American Express: You can Leave the Earth Without It

St. Peter woke up with all the commotion at the Pearly Gates, boots marching and swords clanging.

Seems a number of Roman centurions were marching up to the gates.

Considering St. Peter hadn’t seen this sight in about 2000 years, he immediately grabbed his ear and slammed the gates shut and applied the electronic lock, which latched with a metallic thud.

Safe, thought St. Peter.

A no-nonsense centurion approached the gates.  “We’ve got one of your own.”

Out of the flank of centurion soldiers appeared Ed Gilligan, President, American Express, recently deceased.

St. Peter was surprised; he checked his iPad.  “You’re a bit early, Mr. Gilligan.”

“Have you got room, early check-in?” asked Gilligan.

St. Peter tapped at his iPad a few more times. “There was the matter of the financial meltdown, in 2008…you reduced the open-to-buy for many good customers. It ruined some of them.”

Gilligan hung his head.  We were scared.

St. Peter exhaled: “Weren’t we all, at one time or another.”

“I really am sorry,” said Gilligan.

“Hold on,” said St. Peter.  He ran a special logarithm and his face brightened.  “You’re in luck, Saint Gilligan.”  Your private life balanced out enough where we don’t have to send you and The Card to the heat.”

The new Saint Gilligan sighed in relief.  “What do I do?”

“You can start by leaving that by the gate.  There’s a recycling bin.   Saint Gilligan took his American Express plum card out and tossed it in the bin.

The centurions turned about-face and marched off into the clouds.

St. Peter opened the Pearly Gates and newly-minted Saint Gilligan strode through.

“Have a good stay,” called St. Peter.  “See, you can leave home without it.”


Sorry, No Return

Saint Newbie was on his way to Heaven’s Store, and he was not in a good mood.  Tucked under his arm was a Christmas gift from his auntie, Saint Pithia, who always managed to get Saint Newbie something he didn’t really need or want.  She even did this down there, on Earth.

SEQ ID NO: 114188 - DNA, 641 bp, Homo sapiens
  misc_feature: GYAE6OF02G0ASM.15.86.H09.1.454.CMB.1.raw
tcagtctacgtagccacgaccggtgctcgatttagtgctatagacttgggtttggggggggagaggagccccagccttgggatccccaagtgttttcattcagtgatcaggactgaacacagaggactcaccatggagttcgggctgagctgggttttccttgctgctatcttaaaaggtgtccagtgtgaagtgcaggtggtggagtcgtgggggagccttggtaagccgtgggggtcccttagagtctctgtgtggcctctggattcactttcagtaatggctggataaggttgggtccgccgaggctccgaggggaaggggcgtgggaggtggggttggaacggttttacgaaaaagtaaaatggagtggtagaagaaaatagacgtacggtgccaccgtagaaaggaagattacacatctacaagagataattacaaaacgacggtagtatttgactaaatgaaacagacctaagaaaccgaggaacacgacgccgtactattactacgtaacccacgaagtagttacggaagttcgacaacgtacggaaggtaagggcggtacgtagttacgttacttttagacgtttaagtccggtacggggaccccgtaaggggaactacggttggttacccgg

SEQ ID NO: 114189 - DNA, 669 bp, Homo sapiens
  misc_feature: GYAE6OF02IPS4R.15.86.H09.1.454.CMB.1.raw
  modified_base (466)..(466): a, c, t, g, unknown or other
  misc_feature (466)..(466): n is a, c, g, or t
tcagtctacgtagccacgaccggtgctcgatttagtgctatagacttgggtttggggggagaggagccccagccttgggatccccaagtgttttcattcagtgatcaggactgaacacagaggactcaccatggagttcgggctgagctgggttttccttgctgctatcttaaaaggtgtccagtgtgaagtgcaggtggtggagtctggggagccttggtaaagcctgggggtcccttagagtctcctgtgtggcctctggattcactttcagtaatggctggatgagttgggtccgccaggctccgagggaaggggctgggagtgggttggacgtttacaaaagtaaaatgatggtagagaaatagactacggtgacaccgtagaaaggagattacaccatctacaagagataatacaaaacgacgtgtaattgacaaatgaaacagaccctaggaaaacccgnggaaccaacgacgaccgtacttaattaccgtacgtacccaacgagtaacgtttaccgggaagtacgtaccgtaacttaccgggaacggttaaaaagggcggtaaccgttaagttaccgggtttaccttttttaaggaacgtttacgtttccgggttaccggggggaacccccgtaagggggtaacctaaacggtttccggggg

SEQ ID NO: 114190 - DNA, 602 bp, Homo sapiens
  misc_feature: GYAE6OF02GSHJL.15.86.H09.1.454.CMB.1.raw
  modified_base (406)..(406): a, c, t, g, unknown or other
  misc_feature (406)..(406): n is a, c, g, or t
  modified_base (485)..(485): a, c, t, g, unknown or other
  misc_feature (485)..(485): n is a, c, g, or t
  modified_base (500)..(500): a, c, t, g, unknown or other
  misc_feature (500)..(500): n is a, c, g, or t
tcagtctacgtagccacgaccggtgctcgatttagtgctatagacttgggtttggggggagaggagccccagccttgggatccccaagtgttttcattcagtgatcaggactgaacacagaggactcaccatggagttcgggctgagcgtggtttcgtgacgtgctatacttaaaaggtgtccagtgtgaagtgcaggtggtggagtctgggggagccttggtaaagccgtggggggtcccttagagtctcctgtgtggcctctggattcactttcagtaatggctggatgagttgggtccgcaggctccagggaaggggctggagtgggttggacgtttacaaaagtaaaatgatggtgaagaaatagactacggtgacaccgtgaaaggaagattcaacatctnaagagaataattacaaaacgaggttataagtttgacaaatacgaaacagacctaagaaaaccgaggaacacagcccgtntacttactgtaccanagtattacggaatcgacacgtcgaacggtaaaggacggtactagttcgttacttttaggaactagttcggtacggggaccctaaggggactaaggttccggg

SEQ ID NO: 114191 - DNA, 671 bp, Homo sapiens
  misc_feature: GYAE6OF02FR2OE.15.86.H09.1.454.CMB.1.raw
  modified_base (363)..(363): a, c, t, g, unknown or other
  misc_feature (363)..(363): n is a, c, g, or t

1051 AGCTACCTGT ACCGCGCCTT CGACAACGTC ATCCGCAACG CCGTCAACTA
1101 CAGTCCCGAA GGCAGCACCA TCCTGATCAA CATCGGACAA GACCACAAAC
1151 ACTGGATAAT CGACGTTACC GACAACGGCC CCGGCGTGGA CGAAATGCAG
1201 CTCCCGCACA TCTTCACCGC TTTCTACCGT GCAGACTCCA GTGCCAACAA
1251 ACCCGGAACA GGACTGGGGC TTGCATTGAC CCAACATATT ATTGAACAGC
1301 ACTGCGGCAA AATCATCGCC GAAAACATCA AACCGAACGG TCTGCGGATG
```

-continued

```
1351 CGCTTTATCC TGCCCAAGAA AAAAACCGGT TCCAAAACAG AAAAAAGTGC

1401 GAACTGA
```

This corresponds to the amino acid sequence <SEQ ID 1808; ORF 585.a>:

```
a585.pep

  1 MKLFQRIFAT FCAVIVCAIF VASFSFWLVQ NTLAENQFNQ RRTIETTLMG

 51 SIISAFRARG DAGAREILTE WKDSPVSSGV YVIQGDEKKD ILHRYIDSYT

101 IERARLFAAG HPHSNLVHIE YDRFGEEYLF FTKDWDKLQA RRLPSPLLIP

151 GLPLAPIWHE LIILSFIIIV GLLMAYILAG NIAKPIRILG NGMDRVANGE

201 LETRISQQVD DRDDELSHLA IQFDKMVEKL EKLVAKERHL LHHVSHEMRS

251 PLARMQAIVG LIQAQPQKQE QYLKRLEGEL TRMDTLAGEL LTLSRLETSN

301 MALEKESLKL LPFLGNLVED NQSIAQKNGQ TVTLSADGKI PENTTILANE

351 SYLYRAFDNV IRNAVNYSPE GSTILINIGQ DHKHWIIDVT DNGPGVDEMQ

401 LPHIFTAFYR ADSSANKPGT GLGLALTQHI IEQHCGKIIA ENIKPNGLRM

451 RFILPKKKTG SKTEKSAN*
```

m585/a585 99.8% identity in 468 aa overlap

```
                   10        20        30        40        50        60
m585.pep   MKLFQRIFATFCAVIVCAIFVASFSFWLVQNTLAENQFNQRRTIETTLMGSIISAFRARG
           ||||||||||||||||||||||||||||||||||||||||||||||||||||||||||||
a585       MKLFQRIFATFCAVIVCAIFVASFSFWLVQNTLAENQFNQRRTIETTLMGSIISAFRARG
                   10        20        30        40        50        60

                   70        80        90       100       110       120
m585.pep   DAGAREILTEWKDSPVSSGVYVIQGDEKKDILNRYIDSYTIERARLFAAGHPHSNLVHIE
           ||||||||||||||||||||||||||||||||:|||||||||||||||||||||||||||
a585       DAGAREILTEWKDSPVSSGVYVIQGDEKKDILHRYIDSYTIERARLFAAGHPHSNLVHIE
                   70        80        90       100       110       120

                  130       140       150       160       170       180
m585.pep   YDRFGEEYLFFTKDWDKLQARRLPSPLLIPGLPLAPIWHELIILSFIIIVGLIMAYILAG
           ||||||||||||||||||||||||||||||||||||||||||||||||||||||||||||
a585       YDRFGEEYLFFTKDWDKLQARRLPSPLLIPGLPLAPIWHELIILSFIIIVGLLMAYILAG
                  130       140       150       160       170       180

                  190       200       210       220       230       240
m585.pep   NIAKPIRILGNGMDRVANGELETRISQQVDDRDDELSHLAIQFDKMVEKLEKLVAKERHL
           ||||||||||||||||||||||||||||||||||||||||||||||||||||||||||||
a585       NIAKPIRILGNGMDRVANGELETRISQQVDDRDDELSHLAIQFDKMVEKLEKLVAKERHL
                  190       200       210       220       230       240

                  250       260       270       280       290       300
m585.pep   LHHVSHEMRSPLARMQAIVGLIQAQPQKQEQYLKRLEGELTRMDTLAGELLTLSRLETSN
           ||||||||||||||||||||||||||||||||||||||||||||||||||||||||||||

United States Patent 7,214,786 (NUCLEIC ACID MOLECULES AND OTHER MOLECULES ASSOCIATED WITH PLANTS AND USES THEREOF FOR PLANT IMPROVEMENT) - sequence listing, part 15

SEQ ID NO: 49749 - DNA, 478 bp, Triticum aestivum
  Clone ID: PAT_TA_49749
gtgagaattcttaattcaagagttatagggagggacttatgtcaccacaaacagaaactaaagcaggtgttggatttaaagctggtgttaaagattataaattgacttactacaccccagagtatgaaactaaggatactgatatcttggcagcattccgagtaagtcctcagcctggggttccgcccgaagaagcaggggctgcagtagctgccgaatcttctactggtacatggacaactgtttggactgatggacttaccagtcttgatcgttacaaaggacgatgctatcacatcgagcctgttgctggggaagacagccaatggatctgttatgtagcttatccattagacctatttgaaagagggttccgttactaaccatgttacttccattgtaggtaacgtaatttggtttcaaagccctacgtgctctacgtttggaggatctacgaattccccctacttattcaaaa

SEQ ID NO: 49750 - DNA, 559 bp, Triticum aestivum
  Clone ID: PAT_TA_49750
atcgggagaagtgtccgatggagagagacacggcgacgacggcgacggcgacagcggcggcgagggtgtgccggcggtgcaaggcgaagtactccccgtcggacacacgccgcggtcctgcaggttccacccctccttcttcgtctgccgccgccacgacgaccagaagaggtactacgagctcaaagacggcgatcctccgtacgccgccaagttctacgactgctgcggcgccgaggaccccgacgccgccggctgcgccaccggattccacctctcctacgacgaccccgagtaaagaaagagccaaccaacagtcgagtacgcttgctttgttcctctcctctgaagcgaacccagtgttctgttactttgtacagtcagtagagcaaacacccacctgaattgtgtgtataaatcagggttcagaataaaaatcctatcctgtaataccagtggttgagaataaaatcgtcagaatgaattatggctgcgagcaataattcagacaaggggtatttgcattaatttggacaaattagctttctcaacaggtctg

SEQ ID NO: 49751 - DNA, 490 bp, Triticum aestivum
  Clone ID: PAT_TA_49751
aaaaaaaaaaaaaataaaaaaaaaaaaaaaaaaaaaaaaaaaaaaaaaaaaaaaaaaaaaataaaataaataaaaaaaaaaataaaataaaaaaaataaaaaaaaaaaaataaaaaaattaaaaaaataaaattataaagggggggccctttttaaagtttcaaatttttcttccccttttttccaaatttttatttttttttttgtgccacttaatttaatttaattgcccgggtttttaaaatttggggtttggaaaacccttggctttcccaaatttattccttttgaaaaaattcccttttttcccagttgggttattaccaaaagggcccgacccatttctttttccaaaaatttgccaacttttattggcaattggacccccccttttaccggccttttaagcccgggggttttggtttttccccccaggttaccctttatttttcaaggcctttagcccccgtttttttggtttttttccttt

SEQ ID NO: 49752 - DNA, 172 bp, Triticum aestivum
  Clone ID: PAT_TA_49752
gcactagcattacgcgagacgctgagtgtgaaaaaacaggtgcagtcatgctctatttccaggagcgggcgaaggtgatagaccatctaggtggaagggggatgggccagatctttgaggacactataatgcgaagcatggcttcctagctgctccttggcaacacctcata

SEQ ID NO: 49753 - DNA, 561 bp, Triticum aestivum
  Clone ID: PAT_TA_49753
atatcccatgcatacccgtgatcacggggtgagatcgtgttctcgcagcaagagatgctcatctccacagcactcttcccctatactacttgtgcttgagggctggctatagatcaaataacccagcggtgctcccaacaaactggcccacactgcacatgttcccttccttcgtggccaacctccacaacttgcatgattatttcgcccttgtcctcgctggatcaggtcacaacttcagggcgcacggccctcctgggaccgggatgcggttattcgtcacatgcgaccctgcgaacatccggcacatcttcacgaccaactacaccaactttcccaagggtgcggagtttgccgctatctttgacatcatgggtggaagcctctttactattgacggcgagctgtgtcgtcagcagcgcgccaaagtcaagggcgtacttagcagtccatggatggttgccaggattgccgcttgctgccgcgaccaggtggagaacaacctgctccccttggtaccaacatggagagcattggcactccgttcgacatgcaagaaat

Because Saint Newbie was a creature of habit, he managed to only see Saint Pithia once every five years, if he could help it.  As it is on Earth; the same in Heaven.  Her mansion, thank you God, was a good cloud storm over from his.

Now he encountered another problem: Saint Thor-the- Bore.  He was an old timer, from Roman days — as in Roman Empire Days– and he didn’t get his name for nothing.  Never keeping up with the style, he was still wearing the animal skin and carrying the big Norse axe.  And he was right at the entrance to Heaven’s Store.

“What’s it all about?” said Saint Thor-the-Bore.

“Pardon?” said Saint Newbie.

Thor-the-Bore thundered it this time: “What’s it all about?”

Saint Newbie shrank and looked about.  He also kept one nervous eye on the axe.

“Get that for Christmas, did ye?” said Saint Thor-the-Bore.

Saint Newbie nodded.

“What is it, son?” boomed Saint Thor-the-Bore.

Saint Newbie had no idea.  He had not even opened the box.

“Ye don’t know, do ye,” taunted Saint Thor-the-Bore.  “Once again, you got it for Christmas, right?”

A tentative nod from Saint Newbie.

“You ain’t even opened the box, have ye?” said Saint Thor-the-Bore.

“Uh, no.”

“Shame.  Real shame,” said Saint Thor-the-Bore.  “Don’t know how you ever made it here.”

“I flew over, like everybody else.”